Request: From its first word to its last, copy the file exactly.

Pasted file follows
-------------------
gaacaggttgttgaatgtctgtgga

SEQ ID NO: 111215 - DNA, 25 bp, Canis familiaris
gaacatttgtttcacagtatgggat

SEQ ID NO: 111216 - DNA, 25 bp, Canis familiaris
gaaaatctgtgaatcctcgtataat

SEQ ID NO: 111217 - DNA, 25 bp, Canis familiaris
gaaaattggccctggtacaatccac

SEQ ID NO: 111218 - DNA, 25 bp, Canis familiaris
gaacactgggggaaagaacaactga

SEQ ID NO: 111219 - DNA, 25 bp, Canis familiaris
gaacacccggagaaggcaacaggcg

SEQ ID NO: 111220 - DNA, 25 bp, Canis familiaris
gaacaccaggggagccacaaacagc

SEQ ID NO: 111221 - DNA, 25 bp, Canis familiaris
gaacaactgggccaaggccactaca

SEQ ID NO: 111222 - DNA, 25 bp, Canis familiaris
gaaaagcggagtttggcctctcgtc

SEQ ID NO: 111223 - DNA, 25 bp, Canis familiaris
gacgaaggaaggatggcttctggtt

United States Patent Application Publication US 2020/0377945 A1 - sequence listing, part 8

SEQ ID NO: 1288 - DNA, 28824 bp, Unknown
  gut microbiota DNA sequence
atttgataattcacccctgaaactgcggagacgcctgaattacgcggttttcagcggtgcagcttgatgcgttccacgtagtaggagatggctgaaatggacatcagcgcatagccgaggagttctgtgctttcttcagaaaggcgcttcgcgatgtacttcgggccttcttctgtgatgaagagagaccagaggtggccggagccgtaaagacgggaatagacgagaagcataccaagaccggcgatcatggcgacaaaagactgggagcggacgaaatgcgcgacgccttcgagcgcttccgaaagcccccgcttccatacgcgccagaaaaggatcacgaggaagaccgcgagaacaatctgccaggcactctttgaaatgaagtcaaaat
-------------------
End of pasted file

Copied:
gaacaggttgttgaatgtctgtgga

SEQ ID NO: 111215 - DNA, 25 bp, Canis familiaris
gaacatttgtttcacagtatgggat

SEQ ID NO: 111216 - DNA, 25 bp, Canis familiaris
gaaaatctgtgaatcctcgtataat

SEQ ID NO: 111217 - DNA, 25 bp, Canis familiaris
gaaaattggccctggtacaatccac

SEQ ID NO: 111218 - DNA, 25 bp, Canis familiaris
gaacactgggggaaagaacaactga

SEQ ID NO: 111219 - DNA, 25 bp, Canis familiaris
gaacacccggagaaggcaacaggcg

SEQ ID NO: 111220 - DNA, 25 bp, Canis familiaris
gaacaccaggggagccacaaacagc

SEQ ID NO: 111221 - DNA, 25 bp, Canis familiaris
gaacaactgggccaaggccactaca

SEQ ID NO: 111222 - DNA, 25 bp, Canis familiaris
gaaaagcggagtttggcctctcgtc

SEQ ID NO: 111223 - DNA, 25 bp, Canis familiaris
gacgaaggaaggatggcttctggtt

United States Patent Application Publication US 2020/0377945 A1 - sequence listing, part 8

SEQ ID NO: 1288 - DNA, 28824 bp, Unknown
  gut microbiota DNA sequence
atttgataattcacccctgaaactgcggagacgcctgaattacgcggttttcagcggtgcagcttgatgcgttccacgtagtaggagatggctgaaatggacatcagcgcatagccgaggagttctgtgctttcttcagaaaggcgcttcgcgatgtacttcgggccttcttctgtgatgaagagagaccagaggtggccggagccgtaaagacgggaatagacgagaagcataccaagaccggcgatcatggcgacaaaagactgggagcggacgaaatgcgcgacgccttcgagcgcttccgaaagcccccgcttccatacgcgccagaaaaggatcacgaggaagaccgcgagaacaatctgccaggcactctttgaaatgaagtcaaaat